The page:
In 2008, she wove together her love of nature, exercise, nutrition, psychology, and eastern spiritual traditions into SEEDS, what she calls “a self-check mnemonic (sleep, eat, engage, dance, smile) to bring you positively into the present in as many moments as you can muster.”
Using this combination of practices, Jenny herself has found a way to live a full, yet healthy life. She has structured her work so she can spend time with her family, especially her two young sons. “When the boys’ great grandmother was ailing, I was able to take them to see her,” she told me. “The boys ran past the oxygen carts and down the hall, leaving a wake of happiness. I want my family to be able to do that whenever we can.”
In addition to nature and family, Jenny’s other passion is helping people. “Helping has been a key theme for me lately—and giving myself permission to serve.” A senior recruiter at Expedia and a part time yoga teacher, Jenny loves connecting people—to work, to resources, like yoga, and to each other. She also loves challenging them to be and to do their best. “I have lots of ways I can do that,” she notes.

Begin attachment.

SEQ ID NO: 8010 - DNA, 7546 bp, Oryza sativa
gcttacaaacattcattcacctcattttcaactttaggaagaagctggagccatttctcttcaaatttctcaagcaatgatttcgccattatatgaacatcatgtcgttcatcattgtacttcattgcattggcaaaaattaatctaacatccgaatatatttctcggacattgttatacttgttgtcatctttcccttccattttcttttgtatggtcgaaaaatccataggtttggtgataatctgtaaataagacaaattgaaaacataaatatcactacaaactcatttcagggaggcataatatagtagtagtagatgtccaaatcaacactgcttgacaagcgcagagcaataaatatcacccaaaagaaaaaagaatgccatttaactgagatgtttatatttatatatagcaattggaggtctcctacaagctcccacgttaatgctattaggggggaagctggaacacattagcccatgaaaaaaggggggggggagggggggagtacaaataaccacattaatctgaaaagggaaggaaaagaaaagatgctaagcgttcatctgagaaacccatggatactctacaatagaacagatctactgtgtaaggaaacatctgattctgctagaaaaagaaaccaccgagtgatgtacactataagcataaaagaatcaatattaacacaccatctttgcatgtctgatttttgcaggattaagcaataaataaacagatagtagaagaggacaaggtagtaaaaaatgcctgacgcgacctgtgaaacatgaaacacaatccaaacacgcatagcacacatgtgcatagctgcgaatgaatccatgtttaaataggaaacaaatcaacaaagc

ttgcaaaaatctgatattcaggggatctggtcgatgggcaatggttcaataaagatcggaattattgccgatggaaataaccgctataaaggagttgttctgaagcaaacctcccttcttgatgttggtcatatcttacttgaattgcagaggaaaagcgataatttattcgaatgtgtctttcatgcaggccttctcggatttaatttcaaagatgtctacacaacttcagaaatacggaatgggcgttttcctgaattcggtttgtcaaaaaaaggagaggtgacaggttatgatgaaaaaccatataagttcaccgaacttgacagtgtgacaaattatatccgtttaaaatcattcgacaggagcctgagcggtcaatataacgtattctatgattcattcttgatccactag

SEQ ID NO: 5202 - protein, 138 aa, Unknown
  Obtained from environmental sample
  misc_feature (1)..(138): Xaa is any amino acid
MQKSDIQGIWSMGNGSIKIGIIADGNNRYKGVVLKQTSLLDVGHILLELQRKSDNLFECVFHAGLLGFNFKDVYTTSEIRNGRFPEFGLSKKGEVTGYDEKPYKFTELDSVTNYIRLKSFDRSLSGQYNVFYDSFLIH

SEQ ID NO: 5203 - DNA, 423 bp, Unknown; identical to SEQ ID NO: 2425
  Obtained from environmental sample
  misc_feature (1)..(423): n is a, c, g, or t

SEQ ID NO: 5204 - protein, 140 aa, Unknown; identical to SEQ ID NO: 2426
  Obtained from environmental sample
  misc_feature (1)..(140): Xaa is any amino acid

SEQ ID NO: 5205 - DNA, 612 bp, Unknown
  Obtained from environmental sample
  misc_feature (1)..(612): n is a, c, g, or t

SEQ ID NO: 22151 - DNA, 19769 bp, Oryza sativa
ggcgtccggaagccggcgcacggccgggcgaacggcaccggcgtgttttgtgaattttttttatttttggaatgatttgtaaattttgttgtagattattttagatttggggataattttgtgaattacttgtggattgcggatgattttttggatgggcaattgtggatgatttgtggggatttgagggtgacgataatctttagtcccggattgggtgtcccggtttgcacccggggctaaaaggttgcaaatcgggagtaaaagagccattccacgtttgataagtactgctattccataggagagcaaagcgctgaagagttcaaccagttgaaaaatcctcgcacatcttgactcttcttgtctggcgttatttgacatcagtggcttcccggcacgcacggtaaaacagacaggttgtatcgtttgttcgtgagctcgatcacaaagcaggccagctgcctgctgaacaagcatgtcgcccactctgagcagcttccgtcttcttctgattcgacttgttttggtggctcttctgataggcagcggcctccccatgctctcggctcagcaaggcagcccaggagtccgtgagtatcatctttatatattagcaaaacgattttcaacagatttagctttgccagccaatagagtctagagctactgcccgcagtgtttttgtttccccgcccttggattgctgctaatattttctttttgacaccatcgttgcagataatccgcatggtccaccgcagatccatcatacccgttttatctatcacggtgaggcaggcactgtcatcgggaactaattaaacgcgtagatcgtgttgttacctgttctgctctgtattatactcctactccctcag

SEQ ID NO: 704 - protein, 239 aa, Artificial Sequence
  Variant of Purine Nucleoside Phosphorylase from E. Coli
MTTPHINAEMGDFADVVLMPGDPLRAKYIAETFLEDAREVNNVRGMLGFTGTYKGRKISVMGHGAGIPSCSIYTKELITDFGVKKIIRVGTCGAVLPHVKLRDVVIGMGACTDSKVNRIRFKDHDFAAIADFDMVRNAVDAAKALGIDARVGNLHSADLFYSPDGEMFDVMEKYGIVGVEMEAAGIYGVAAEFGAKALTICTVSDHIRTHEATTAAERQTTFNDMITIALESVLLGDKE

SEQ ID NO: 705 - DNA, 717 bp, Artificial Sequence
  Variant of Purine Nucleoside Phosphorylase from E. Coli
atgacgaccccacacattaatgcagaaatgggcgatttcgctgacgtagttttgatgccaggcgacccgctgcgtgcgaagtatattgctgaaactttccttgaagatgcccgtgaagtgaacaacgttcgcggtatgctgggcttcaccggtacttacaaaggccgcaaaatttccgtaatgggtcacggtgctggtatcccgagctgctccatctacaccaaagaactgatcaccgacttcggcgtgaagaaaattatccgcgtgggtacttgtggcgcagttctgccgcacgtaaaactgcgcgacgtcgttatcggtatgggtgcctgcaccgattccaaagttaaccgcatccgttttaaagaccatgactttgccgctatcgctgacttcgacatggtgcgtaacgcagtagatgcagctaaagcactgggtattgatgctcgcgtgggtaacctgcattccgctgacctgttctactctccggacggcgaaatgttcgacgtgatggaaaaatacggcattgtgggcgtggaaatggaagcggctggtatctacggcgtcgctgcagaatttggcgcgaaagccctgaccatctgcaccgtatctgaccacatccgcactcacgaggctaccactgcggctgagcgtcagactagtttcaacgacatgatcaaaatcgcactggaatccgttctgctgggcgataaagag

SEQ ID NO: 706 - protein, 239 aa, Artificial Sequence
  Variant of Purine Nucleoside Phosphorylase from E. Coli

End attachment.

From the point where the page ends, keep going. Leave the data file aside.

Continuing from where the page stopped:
One of the most recent ways she is doing that is by writing a book. It’s a combination of self-help and memoir, she says, weaving together themes of mindfulness, yoga, nutrition, and positive psychology. Writing it, she tells me, Is actually helping her to be a better person. “In learning memoir I found out you have to wait until the story is over [to write it].” With that in mind, she regularly asks herself how she wants to look in a particular “scene.” “I don’t want to have to edit it to make me look better,” she confides.
As we finish up the interview, Jenny gathers her things to head home to her husband and twin boys. “My boys,” she tells me, make me incredibly happy.” She then disappears out the door, back to that wake of happiness.
Don Kentop has been reading his work in progress at the It’s About Time Writers’ Reading Series at the Ballard Library for the last few years. It’s a stunning work, highlighting an infamous chapter in American labor history.
Brooklyn to Ballard by Peggy Sturdivant
from Ballard News-Tribune. February 12, 2014
While many in Seattle were focused on what would become a historic moment first in a New York stadium on New Jersey soil and then in downtown Seattle there was another historic moment taking place. Janet Yellen was sworn in as the first woman to be Chair of the Board of Governors of the Federal Reserve. This interested me as a woman, as the daughter of an economist, but it actually came closest to home for me sitting across from Donald Kentop.